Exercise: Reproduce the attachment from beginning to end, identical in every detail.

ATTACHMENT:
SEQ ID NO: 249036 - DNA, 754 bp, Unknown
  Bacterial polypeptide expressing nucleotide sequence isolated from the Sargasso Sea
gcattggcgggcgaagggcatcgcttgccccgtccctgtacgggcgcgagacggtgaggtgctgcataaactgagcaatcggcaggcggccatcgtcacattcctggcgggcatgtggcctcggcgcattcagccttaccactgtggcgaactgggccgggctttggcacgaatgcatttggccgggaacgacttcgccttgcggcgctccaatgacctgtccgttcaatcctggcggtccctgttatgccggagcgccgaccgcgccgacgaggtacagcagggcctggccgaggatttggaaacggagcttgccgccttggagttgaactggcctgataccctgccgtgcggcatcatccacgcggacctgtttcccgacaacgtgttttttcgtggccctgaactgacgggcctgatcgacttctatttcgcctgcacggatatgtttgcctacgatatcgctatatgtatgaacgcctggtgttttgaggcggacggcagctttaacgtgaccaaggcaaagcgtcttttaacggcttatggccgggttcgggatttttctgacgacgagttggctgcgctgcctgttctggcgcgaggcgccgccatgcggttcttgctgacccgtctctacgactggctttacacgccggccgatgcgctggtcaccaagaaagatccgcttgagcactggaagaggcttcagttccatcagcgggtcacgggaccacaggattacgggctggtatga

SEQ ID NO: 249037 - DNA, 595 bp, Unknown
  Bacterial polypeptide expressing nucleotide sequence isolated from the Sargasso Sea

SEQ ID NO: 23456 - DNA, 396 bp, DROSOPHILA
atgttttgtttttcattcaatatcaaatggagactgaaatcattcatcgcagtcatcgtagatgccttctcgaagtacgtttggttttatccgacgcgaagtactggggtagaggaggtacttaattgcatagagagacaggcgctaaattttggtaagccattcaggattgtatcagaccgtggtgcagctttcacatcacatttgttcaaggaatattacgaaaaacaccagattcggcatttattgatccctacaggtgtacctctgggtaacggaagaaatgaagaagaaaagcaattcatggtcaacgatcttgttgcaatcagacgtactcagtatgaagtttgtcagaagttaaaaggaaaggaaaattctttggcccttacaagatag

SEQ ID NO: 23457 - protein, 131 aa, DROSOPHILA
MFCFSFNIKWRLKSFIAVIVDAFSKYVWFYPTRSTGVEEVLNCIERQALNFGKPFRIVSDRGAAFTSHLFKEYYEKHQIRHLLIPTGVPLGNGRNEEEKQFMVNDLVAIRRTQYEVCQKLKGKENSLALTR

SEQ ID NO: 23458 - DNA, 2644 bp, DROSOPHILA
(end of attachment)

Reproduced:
SEQ ID NO: 249036 - DNA, 754 bp, Unknown
  Bacterial polypeptide expressing nucleotide sequence isolated from the Sargasso Sea
gcattggcgggcgaagggcatcgcttgccccgtccctgtacgggcgcgagacggtgaggtgctgcataaactgagcaatcggcaggcggccatcgtcacattcctggcgggcatgtggcctcggcgcattcagccttaccactgtggcgaactgggccgggctttggcacgaatgcatttggccgggaacgacttcgccttgcggcgctccaatgacctgtccgttcaatcctggcggtccctgttatgccggagcgccgaccgcgccgacgaggtacagcagggcctggccgaggatttggaaacggagcttgccgccttggagttgaactggcctgataccctgccgtgcggcatcatccacgcggacctgtttcccgacaacgtgttttttcgtggccctgaactgacgggcctgatcgacttctatttcgcctgcacggatatgtttgcctacgatatcgctatatgtatgaacgcctggtgttttgaggcggacggcagctttaacgtgaccaaggcaaagcgtcttttaacggcttatggccgggttcgggatttttctgacgacgagttggctgcgctgcctgttctggcgcgaggcgccgccatgcggttcttgctgacccgtctctacgactggctttacacgccggccgatgcgctggtcaccaagaaagatccgcttgagcactggaagaggcttcagttccatcagcgggtcacgggaccacaggattacgggctggtatga

SEQ ID NO: 249037 - DNA, 595 bp, Unknown
  Bacterial polypeptide expressing nucleotide sequence isolated from the Sargasso Sea

SEQ ID NO: 23456 - DNA, 396 bp, DROSOPHILA
atgttttgtttttcattcaatatcaaatggagactgaaatcattcatcgcagtcatcgtagatgccttctcgaagtacgtttggttttatccgacgcgaagtactggggtagaggaggtacttaattgcatagagagacaggcgctaaattttggtaagccattcaggattgtatcagaccgtggtgcagctttcacatcacatttgttcaaggaatattacgaaaaacaccagattcggcatttattgatccctacaggtgtacctctgggtaacggaagaaatgaagaagaaaagcaattcatggtcaacgatcttgttgcaatcagacgtactcagtatgaagtttgtcagaagttaaaaggaaaggaaaattctttggcccttacaagatag

SEQ ID NO: 23457 - protein, 131 aa, DROSOPHILA
MFCFSFNIKWRLKSFIAVIVDAFSKYVWFYPTRSTGVEEVLNCIERQALNFGKPFRIVSDRGAAFTSHLFKEYYEKHQIRHLLIPTGVPLGNGRNEEEKQFMVNDLVAIRRTQYEVCQKLKGKENSLALTR

SEQ ID NO: 23458 - DNA, 2644 bp, DROSOPHILA